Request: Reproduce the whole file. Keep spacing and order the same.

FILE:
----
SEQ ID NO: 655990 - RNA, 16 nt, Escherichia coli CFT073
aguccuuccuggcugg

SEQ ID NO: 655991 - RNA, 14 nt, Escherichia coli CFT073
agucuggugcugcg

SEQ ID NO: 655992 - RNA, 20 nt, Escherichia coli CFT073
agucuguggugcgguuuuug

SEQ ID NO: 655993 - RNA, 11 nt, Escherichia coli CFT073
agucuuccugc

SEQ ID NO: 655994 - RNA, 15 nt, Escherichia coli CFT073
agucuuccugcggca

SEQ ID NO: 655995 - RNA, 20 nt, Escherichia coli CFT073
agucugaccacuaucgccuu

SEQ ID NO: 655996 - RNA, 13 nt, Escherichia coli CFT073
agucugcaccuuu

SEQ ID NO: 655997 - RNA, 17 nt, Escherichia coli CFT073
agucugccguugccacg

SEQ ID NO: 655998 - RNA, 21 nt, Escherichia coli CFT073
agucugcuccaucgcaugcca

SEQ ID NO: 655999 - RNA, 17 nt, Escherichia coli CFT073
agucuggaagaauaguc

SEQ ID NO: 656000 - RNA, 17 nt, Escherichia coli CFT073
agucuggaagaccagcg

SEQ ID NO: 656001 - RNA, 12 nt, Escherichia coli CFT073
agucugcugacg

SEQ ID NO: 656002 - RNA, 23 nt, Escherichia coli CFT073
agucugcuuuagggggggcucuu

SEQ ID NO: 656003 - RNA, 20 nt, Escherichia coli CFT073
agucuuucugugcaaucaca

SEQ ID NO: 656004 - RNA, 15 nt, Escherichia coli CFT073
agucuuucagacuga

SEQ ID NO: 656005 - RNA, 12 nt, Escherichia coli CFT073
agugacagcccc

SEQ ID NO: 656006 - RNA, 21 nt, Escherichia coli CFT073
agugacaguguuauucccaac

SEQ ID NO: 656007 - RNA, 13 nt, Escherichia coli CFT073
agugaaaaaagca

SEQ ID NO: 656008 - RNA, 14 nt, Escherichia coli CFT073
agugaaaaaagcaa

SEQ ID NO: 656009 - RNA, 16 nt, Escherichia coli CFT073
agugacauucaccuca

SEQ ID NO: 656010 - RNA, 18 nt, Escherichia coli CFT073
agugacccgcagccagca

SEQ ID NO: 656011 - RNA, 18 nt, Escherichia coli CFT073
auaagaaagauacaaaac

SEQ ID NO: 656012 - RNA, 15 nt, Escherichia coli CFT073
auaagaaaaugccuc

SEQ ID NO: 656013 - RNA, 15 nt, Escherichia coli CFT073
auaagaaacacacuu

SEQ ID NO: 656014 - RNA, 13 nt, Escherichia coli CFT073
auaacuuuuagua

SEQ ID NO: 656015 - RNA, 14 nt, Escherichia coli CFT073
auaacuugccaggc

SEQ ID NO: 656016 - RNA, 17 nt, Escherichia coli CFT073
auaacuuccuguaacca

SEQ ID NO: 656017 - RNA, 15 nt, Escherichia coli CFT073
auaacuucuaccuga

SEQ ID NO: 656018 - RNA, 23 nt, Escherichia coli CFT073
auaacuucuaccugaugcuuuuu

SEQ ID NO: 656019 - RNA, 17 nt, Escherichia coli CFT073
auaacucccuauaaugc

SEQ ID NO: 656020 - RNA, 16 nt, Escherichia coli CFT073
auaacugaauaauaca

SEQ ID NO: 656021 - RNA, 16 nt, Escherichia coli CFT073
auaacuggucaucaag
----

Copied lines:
SEQ ID NO: 655990 - RNA, 16 nt, Escherichia coli CFT073
aguccuuccuggcugg

SEQ ID NO: 655991 - RNA, 14 nt, Escherichia coli CFT073
agucuggugcugcg

SEQ ID NO: 655992 - RNA, 20 nt, Escherichia coli CFT073
agucuguggugcgguuuuug

SEQ ID NO: 655993 - RNA, 11 nt, Escherichia coli CFT073
agucuuccugc

SEQ ID NO: 655994 - RNA, 15 nt, Escherichia coli CFT073
agucuuccugcggca

SEQ ID NO: 655995 - RNA, 20 nt, Escherichia coli CFT073
agucugaccacuaucgccuu

SEQ ID NO: 655996 - RNA, 13 nt, Escherichia coli CFT073
agucugcaccuuu

SEQ ID NO: 655997 - RNA, 17 nt, Escherichia coli CFT073
agucugccguugccacg

SEQ ID NO: 655998 - RNA, 21 nt, Escherichia coli CFT073
agucugcuccaucgcaugcca

SEQ ID NO: 655999 - RNA, 17 nt, Escherichia coli CFT073
agucuggaagaauaguc

SEQ ID NO: 656000 - RNA, 17 nt, Escherichia coli CFT073
agucuggaagaccagcg

SEQ ID NO: 656001 - RNA, 12 nt, Escherichia coli CFT073
agucugcugacg

SEQ ID NO: 656002 - RNA, 23 nt, Escherichia coli CFT073
agucugcuuuagggggggcucuu

SEQ ID NO: 656003 - RNA, 20 nt, Escherichia coli CFT073
agucuuucugugcaaucaca

SEQ ID NO: 656004 - RNA, 15 nt, Escherichia coli CFT073
agucuuucagacuga

SEQ ID NO: 656005 - RNA, 12 nt, Escherichia coli CFT073
agugacagcccc

SEQ ID NO: 656006 - RNA, 21 nt, Escherichia coli CFT073
agugacaguguuauucccaac

SEQ ID NO: 656007 - RNA, 13 nt, Escherichia coli CFT073
agugaaaaaagca

SEQ ID NO: 656008 - RNA, 14 nt, Escherichia coli CFT073
agugaaaaaagcaa

SEQ ID NO: 656009 - RNA, 16 nt, Escherichia coli CFT073
agugacauucaccuca

SEQ ID NO: 656010 - RNA, 18 nt, Escherichia coli CFT073
agugacccgcagccagca

SEQ ID NO: 656011 - RNA, 18 nt, Escherichia coli CFT073
auaagaaagauacaaaac

SEQ ID NO: 656012 - RNA, 15 nt, Escherichia coli CFT073
auaagaaaaugccuc

SEQ ID NO: 656013 - RNA, 15 nt, Escherichia coli CFT073
auaagaaacacacuu

SEQ ID NO: 656014 - RNA, 13 nt, Escherichia coli CFT073
auaacuuuuagua

SEQ ID NO: 656015 - RNA, 14 nt, Escherichia coli CFT073
auaacuugccaggc

SEQ ID NO: 656016 - RNA, 17 nt, Escherichia coli CFT073
auaacuuccuguaacca

SEQ ID NO: 656017 - RNA, 15 nt, Escherichia coli CFT073
auaacuucuaccuga

SEQ ID NO: 656018 - RNA, 23 nt, Escherichia coli CFT073
auaacuucuaccugaugcuuuuu

SEQ ID NO: 656019 - RNA, 17 nt, Escherichia coli CFT073
auaacucccuauaaugc

SEQ ID NO: 656020 - RNA, 16 nt, Escherichia coli CFT073
auaacugaauaauaca

SEQ ID NO: 656021 - RNA, 16 nt, Escherichia coli CFT073
auaacuggucaucaag